OFFICE OF THE CITY CLERK
Ballot Issues to be Voted on During the 2017 General Election
City Clerk's Office
8000 S. Redwood Road
West Jordan, UT 84088
City Hall Hours
(excluding all state and federal holidays)
8 a.m.- 5 p.m.
At the August 9 City Council meeting, the West Jordan City Council approved Resolution 17-163, a ballot measure that would, if approved by voters, allow for a change in the city’s form of government. If approved, the city’s current council-manager form of government would be changed to a council-mayor form of government.
The City Council also approved Resolution 17-164, a ballot measure that would allow residents the opportunity to vote on a general obligation bond that would, if approved by voters, fund a new Aquatic and Recreation Center.
Both ballot measures will be on the ballot for the November 7, 2017, General Election. Every household will receive a Voter Information Pamphlet by October 25, 2017.
Voter Information Pamphlet "For" and "Against" Contributors
In advance of the November 7, 2017, General Election, a Voter Information Pamphlet, presenting “For” and “Against” statements for each issue, needs to be prepared. The City is looking for interested individuals to work together to prepare these statements. Interested individuals should email the City Clerk by Friday, September 1st at 3:30 p.m. Please include which statement you’d like to prepare, your name, residential address, mailing address (if different) and phone number. The City Clerk will designate up to five sponsors to prepare the “For” position and up to five sponsors to prepare the “Against” position for each issue.
Change of Government Ballot Proposal
The City Council recently passed Resolutions to place two different questions on the Nov. 7 General
Election ballot. Registered voters of the City of West Jordan will be able to vote “yes” or “no” on each
issue. A majority vote of those voting will decide the result for each question.
The first question the Council has placed on the ballot for consideration is about the proposed change
in the City’s form of government. This ballot question will read as follows:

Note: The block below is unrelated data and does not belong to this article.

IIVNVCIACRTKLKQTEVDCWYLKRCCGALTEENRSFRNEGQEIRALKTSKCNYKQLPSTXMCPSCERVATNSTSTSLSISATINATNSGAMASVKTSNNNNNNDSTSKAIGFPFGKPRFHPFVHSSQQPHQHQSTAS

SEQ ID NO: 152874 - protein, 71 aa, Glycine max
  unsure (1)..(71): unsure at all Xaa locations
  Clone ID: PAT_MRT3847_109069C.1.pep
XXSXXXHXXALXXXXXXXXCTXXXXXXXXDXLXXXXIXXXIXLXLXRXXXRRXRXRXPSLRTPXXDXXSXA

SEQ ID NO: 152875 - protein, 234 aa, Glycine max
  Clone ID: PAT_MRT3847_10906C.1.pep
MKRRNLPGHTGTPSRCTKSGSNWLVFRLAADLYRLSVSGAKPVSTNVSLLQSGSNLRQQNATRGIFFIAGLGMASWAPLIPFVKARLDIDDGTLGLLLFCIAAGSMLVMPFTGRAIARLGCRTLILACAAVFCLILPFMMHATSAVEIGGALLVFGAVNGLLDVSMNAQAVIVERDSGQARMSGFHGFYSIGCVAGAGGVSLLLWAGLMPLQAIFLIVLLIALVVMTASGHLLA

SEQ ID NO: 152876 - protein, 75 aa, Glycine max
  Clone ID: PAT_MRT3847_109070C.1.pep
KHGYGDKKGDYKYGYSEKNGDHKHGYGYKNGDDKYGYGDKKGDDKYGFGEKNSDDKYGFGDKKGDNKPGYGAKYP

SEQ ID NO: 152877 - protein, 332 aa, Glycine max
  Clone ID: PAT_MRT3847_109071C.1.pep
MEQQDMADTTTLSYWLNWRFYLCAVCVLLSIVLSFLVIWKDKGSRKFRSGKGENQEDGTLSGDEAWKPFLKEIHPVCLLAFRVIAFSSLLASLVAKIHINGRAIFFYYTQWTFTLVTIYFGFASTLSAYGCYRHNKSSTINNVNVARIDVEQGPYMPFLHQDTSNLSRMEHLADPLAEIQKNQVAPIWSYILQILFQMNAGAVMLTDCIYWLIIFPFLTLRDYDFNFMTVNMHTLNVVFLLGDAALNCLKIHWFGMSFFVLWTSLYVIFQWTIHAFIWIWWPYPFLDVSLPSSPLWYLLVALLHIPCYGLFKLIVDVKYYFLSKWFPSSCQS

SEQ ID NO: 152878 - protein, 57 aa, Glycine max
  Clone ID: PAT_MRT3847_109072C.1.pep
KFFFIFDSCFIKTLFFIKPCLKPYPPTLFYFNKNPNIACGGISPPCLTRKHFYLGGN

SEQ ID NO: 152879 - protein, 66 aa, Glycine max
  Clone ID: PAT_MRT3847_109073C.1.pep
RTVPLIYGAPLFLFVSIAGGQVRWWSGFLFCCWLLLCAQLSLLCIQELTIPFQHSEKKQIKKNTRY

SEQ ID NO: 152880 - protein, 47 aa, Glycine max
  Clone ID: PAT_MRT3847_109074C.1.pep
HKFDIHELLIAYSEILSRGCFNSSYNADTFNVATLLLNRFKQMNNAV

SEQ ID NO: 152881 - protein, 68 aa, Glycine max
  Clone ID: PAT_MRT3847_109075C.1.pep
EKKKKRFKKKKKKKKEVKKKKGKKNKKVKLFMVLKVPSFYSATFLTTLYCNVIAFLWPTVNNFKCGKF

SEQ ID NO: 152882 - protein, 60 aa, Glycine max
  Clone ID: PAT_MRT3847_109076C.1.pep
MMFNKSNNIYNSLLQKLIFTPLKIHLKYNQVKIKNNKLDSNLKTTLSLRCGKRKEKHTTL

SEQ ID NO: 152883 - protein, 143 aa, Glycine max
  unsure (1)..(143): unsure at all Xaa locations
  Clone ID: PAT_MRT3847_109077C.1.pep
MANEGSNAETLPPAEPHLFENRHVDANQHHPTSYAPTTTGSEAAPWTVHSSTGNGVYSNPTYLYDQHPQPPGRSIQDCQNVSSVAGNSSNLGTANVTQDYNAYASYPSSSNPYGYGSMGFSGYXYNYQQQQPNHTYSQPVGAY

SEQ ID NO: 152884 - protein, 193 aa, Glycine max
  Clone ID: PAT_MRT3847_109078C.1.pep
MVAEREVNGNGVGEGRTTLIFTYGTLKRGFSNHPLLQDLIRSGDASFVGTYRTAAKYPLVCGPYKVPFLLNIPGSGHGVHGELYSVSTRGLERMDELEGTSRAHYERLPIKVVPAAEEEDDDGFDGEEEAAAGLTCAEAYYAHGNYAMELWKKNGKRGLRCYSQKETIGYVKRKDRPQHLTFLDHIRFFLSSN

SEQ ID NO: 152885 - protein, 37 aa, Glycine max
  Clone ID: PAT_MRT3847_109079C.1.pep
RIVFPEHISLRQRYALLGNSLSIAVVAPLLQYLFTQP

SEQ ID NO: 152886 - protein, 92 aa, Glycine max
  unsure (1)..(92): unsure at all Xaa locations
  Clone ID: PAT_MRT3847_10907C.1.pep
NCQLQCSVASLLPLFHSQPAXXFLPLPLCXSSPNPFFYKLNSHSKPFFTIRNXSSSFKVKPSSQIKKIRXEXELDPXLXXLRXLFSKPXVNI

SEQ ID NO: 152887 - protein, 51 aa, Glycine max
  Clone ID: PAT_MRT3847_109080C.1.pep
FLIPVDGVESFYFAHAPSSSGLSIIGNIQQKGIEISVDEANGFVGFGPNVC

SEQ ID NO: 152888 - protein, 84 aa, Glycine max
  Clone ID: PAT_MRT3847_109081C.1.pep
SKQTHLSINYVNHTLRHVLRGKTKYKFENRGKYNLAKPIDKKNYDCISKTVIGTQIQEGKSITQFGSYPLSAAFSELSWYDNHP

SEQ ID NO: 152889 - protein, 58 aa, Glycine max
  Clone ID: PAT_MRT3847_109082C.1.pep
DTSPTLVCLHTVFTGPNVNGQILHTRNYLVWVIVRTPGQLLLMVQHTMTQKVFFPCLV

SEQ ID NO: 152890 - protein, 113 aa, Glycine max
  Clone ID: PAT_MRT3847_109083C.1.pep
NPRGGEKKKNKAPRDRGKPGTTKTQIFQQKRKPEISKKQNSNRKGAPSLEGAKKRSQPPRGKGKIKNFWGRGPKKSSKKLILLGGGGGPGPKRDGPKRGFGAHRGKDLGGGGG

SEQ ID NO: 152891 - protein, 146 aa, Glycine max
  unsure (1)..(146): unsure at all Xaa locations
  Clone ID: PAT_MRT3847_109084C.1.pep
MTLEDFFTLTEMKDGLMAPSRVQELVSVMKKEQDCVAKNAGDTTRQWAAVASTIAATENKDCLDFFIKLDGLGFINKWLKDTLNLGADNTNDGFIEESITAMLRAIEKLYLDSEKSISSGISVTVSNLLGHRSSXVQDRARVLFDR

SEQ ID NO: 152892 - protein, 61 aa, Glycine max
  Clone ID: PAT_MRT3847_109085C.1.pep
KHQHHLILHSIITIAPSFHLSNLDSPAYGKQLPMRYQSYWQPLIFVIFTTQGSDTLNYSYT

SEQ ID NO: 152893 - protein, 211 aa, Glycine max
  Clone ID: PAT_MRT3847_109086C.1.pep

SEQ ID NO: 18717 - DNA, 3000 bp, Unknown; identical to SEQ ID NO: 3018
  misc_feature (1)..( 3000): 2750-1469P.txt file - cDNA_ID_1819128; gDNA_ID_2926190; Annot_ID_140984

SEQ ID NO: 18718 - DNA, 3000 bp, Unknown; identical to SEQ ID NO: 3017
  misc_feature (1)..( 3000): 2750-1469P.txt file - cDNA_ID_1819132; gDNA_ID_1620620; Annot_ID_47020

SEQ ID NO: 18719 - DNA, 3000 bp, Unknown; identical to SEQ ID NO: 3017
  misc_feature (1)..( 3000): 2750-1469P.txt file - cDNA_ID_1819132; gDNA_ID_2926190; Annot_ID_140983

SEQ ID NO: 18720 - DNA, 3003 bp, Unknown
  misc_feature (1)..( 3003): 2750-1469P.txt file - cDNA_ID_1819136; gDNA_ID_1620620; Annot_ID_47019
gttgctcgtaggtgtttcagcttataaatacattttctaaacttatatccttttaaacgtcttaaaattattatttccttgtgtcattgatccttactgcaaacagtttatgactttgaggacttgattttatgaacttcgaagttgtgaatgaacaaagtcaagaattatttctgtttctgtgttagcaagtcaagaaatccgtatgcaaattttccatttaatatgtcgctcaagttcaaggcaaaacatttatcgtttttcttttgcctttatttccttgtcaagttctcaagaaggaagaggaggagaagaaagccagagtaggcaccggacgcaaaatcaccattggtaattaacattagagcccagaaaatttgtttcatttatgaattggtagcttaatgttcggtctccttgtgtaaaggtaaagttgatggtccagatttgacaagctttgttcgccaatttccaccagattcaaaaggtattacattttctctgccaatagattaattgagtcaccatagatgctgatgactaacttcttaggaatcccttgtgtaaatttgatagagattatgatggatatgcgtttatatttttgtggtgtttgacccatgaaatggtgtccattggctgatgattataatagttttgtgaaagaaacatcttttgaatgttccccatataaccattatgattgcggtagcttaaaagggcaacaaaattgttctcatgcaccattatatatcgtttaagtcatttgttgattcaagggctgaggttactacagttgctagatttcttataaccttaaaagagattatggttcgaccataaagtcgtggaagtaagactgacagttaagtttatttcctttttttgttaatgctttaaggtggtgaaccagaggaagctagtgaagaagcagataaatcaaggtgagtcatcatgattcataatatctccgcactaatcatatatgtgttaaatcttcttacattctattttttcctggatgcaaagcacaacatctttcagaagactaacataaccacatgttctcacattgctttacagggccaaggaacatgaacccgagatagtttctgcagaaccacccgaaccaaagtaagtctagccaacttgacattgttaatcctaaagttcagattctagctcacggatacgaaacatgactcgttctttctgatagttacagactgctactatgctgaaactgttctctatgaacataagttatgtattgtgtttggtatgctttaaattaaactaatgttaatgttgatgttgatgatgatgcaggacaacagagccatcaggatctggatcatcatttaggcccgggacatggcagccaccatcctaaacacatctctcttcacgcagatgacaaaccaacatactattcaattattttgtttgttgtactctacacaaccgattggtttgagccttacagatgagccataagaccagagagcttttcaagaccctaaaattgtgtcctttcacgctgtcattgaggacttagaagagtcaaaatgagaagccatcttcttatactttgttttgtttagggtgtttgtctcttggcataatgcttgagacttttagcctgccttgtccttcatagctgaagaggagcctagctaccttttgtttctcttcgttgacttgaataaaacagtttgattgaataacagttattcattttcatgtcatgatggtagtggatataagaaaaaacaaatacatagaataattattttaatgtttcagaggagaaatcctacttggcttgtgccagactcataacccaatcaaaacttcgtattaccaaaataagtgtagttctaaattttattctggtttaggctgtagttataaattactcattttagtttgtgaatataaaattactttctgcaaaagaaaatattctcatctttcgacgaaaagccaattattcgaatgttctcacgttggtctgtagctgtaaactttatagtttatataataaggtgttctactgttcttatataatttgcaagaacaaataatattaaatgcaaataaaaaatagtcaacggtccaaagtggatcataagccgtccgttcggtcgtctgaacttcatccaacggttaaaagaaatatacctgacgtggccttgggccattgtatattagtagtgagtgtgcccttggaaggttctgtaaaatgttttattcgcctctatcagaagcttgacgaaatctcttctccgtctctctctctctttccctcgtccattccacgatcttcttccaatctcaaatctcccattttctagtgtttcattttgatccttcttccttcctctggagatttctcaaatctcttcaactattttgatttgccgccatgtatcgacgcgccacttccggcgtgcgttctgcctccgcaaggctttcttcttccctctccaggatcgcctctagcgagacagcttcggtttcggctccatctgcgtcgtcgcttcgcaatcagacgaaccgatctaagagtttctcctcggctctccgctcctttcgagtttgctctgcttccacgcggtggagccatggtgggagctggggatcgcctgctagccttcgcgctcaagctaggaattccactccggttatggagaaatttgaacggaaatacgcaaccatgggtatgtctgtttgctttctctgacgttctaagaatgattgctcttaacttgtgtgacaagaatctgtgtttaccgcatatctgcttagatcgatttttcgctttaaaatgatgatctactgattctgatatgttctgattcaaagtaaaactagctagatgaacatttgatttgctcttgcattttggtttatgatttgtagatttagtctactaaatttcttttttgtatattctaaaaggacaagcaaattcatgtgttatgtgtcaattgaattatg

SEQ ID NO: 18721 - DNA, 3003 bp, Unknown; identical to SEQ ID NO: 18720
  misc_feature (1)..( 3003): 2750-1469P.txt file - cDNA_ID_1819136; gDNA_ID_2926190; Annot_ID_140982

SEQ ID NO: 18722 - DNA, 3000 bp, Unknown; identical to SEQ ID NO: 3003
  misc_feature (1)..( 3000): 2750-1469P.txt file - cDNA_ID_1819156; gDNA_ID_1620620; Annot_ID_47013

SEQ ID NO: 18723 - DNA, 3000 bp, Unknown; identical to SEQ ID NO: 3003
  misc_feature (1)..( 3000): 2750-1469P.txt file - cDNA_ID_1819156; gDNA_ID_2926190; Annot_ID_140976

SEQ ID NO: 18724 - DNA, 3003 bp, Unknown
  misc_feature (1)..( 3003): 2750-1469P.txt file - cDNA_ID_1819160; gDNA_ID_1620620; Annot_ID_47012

“Shall the City of West Jordan, Utah, change its form of government to the Council-Mayor Form, with a
The City currently has a Council-Manager form of government. This form of government consists of a seven-member City Council (one of the members being the Mayor) and a chief executive officer, called a City Manager, who is appointed by a majority of the City Council. The Mayor and two of the Council members are elected at large and the other four Council members are elected by districts (one member from each district).
The proposal, if approved, would become effective two years later, after the November 5, 2019, general election. The proposal is for a Council-Mayor form of government with separate branches of government. The Mayor would not be a member of the council but would be the head of the executive/administrative branch. The Mayor would appoint a chief administrative officer to assist him/her. The seven-member City Council (one of which is a chairman, elected by the others) would be the head of the legislative branch. The Mayor and three of the Council members would be elected at large and the other four Council members would be elected by districts (one member from each district). The Council boundaries would be the same as in the current form of government.
If the proposal fails on the ballot (because a majority of voters vote against it), then a similar proposal may not appear on the ballot for the next four years. If the proposal passes on the ballot (because a majority of voters vote in favor of it), then no new proposal to change the form of government may appear on the ballot for the next four years.
If the proposal passes, then the new form of government would not go into effect for two years. The at large Council members could “hold over” or continue on into the new Council-Mayor form of government. The Mayor, an additional at large Council member, and all four district Council members in the new form of government would be elected at the November 5, 2019, general election. The new form of government would then officially start the beginning of January 2020.
Aquatic & Recreation Center General Obligation Bond
The second question to be placed on the ballot for consideration is a general obligation bond that would be used to pay for the construction of a recreation center. The bond would be for $46 million dollars to be paid off over 30 years. The money would be used to build a rec center similar to the Provo Rec Center here in the Ron Wood Baseball Complex at 5900 W. New Bingham Highway. If the bonds are issued, a property tax sufficient to pay debt service on the bonds will be required over a period of 30 years in the estimated amount of $54.51 per year on a $245,100 primary residence and in the estimated amount of $99.12 per year on a business or secondary residence having the same value. More Information